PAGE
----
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Re: DNT: Agenda for April 10 call

From: Alan Chapell <achapell@chapellassociates.com>
Date: Mon, 15 Apr 2013 09:04:15 -0400
To: Rigo Wenning <rigo@w3.org>, <public-tracking@w3.org>
CC: Sid Stamm <sid@mozilla.com>, David Singer <singer@apple.com>, Adrian Bateman <adrianba@microsoft.com>, Justin Brookman <justin@cdt.org>
Message-ID: <CD91728C.2EE38%achapell@chapellassociates.com>
Rigo - 


I don't have any issue with bundling conceptually -- so long as the UA is
able to meet the guidelines to ensure that the User is making an informed
choice in line with general principles of privacy.

Alan

On 4/13/13 5:24 PM, "Rigo Wenning" <rigo@w3.org> wrote:

>Sid, 
>
>your vision really sounds good to me. And I agree that DNT is a tool in
>the box, not more. I agree that browsers could use that tool in various
>ways. Bundling the tool with other tools is clearly where browsers
>compete. So I don't think the TPE or TCS should prohibit or preclude or
>require other things.
>
>I would hope though, that the UI for switching that mode allows for
>simple, comprehensive and natural choices and makes it as easy to turn
>DNT:1 on as it is to turn DNT:0 on.
>
> --Rigo
>
>On Thursday 11 April 2013 07:42:24 Sid Stamm wrote:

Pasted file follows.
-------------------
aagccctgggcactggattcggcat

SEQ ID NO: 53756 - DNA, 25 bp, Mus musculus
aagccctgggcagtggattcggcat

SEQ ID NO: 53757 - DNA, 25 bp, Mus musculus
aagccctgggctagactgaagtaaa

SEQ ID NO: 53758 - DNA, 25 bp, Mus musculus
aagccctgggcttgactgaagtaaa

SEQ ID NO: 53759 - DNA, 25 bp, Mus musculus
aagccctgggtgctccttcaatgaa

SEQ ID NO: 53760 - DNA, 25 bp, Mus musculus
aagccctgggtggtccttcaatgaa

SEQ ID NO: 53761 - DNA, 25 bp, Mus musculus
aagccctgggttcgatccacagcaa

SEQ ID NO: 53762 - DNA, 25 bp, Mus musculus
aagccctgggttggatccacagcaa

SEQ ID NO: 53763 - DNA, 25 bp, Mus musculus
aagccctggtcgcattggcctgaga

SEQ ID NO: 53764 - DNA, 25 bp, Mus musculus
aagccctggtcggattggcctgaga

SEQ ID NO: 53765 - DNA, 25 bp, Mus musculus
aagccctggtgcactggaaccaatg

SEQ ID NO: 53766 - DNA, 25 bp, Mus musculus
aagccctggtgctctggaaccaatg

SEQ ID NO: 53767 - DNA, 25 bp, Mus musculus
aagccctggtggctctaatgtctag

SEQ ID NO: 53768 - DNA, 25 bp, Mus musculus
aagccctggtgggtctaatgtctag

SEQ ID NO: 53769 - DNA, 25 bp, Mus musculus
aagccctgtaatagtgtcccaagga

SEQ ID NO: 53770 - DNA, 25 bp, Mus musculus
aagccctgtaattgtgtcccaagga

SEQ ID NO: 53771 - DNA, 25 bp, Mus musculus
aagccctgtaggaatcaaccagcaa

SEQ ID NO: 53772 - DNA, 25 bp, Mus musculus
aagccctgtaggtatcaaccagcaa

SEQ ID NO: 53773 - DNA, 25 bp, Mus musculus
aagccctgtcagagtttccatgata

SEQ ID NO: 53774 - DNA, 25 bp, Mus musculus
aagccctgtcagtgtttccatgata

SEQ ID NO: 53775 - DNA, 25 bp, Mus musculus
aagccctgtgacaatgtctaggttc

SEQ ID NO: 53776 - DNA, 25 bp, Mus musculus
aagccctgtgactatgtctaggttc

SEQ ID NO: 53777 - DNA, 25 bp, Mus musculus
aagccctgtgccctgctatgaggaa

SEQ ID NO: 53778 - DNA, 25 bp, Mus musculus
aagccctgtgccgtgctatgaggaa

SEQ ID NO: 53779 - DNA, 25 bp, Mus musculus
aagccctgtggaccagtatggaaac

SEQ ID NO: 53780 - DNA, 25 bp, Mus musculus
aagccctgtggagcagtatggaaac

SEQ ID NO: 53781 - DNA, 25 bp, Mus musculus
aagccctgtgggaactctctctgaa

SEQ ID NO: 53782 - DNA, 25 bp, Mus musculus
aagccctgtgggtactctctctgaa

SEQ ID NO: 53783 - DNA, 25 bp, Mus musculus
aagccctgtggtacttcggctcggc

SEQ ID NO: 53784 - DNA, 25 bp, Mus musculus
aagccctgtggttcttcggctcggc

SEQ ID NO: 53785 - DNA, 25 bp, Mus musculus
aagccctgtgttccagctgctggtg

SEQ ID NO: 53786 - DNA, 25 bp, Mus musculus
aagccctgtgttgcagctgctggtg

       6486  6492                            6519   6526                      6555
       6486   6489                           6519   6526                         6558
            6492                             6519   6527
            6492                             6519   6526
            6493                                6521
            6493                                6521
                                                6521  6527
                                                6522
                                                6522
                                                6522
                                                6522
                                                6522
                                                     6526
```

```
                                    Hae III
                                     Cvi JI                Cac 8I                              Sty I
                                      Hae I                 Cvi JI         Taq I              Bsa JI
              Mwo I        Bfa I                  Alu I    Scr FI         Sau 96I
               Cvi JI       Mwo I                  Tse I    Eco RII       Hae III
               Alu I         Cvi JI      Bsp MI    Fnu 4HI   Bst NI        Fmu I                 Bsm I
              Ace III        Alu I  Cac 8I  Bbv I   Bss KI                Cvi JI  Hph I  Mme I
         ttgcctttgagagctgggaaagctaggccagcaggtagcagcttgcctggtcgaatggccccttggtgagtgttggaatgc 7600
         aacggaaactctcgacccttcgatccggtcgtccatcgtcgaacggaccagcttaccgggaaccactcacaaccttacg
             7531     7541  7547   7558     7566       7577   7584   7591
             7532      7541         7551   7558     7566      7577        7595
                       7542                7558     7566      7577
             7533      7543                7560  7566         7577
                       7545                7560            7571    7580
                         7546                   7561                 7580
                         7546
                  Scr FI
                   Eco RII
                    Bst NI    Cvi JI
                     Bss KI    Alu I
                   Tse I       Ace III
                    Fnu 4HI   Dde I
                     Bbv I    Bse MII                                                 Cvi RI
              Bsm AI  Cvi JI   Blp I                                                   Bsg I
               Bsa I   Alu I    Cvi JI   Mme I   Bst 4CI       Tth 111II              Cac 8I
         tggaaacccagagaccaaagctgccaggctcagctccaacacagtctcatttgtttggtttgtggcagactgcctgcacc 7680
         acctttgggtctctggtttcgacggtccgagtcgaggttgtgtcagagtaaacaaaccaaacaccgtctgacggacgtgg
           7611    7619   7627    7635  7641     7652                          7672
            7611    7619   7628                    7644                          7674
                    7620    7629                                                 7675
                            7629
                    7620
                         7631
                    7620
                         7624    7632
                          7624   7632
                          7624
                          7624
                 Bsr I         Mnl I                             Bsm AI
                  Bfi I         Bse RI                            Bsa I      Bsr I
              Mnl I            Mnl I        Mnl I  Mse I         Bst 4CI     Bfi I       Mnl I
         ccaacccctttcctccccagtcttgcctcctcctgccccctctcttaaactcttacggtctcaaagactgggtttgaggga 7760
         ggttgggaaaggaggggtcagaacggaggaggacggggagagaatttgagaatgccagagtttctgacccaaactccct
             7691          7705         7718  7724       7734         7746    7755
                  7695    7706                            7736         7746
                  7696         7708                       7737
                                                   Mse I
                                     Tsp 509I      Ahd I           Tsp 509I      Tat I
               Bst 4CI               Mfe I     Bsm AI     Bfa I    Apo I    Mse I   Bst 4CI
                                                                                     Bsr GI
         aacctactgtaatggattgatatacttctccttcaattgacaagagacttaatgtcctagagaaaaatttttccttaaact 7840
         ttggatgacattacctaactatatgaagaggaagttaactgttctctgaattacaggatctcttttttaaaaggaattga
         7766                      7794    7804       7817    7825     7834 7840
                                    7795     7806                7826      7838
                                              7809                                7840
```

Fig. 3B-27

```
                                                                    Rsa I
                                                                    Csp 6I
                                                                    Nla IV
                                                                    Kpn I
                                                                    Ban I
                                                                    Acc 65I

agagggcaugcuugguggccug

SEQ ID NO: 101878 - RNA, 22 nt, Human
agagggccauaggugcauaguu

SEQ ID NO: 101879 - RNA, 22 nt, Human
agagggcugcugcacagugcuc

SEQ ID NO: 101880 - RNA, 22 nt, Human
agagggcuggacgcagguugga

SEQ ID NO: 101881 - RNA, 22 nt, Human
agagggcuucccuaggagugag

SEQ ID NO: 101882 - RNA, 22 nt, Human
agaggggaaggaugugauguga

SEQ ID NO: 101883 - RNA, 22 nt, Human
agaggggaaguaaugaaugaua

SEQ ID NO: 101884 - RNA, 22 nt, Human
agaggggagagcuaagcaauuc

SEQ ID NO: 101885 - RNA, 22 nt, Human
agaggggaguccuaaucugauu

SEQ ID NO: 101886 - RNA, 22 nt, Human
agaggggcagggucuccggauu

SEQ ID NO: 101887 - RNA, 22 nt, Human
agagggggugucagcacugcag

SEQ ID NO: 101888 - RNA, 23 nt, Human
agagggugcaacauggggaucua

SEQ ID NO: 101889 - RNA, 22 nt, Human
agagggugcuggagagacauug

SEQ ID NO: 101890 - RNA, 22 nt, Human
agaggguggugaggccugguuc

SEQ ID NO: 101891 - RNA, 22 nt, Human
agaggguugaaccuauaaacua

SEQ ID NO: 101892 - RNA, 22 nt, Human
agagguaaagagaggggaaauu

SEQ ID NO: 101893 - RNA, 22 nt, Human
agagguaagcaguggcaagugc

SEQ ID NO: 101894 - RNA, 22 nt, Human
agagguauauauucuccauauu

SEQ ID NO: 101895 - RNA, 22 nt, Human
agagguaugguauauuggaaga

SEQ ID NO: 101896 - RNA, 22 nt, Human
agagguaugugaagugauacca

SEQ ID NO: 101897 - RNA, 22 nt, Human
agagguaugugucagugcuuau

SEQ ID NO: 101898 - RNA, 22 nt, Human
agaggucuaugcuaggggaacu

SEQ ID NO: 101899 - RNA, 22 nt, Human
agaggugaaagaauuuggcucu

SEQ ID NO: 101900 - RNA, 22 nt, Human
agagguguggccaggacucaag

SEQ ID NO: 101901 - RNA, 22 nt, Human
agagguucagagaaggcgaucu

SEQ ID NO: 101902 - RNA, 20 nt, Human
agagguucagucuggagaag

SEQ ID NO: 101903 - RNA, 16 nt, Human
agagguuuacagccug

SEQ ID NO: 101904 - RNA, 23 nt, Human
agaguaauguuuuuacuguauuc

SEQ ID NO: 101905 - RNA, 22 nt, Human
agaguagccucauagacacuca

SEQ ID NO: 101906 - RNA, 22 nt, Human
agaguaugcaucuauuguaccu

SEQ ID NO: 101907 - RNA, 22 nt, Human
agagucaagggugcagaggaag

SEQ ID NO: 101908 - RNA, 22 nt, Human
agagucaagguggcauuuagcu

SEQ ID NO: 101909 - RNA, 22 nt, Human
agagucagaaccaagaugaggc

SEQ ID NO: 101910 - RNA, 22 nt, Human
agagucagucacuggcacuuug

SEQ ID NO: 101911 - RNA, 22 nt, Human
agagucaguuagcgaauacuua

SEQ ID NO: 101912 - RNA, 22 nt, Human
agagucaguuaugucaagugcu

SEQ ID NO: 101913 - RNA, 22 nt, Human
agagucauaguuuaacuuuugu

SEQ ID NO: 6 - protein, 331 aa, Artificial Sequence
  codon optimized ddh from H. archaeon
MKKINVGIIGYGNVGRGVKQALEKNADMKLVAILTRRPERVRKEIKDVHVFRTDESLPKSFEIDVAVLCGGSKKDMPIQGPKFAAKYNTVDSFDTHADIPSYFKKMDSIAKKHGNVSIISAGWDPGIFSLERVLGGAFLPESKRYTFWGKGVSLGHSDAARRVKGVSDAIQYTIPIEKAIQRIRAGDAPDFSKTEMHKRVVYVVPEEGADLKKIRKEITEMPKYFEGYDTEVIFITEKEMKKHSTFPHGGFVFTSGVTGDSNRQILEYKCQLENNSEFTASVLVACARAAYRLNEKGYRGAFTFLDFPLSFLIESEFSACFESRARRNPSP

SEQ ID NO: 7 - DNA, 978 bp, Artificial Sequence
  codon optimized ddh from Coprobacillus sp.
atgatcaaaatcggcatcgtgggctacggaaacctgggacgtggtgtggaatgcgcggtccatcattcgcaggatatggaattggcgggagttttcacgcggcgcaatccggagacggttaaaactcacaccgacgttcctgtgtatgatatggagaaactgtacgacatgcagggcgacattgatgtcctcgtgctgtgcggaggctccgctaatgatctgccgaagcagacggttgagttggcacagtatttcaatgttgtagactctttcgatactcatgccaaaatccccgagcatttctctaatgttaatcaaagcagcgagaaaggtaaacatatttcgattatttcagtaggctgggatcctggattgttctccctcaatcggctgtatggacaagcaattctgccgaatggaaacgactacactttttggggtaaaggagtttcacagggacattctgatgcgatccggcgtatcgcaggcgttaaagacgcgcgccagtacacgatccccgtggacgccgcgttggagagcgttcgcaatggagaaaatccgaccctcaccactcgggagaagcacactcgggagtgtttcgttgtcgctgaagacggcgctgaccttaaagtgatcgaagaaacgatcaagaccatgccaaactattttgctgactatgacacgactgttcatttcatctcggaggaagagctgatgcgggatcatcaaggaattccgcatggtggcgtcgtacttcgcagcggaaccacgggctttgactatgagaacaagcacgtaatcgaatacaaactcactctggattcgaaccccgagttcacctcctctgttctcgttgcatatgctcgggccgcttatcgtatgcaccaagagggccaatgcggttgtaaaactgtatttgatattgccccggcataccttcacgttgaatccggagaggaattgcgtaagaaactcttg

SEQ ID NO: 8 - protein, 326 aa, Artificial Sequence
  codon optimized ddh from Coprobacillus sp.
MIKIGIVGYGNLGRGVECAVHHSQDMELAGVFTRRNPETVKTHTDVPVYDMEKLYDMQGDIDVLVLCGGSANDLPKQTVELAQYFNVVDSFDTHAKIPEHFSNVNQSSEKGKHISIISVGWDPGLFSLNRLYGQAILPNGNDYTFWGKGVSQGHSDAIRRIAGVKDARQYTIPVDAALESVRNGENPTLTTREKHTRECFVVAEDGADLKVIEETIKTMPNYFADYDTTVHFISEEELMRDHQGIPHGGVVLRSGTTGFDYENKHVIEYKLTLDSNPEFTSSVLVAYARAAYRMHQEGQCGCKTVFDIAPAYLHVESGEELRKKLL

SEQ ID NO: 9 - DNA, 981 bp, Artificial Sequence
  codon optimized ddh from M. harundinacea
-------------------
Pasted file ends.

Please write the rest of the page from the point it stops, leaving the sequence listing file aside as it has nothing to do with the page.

>> But at the same time, there's lots of related privacy features that
>> can be combined into one user experience; I can imagine a "tracking
>> protection" mode or something that enables DNT but also does some
>> other stuff with web cookies, cache, etc.  I think this should be
>> allowed, even though in this case DNT enablement is part of the
>> "meta-feature".
>> 
>> On the other hand, I can also imagine a personalization mode that,
>> when enabled, turns on DNT:0, logs them into a social API endpoint,
>> and starts mashing up data for a more personal web experience.  In
>> this case, DNT is not central to the personalization mode, but
>> clearly helpful and should not be prohibited even though it's not the
>> complete story for this mode.
>
>
Received on Monday, 15 April 2013 13:04:49 UTC

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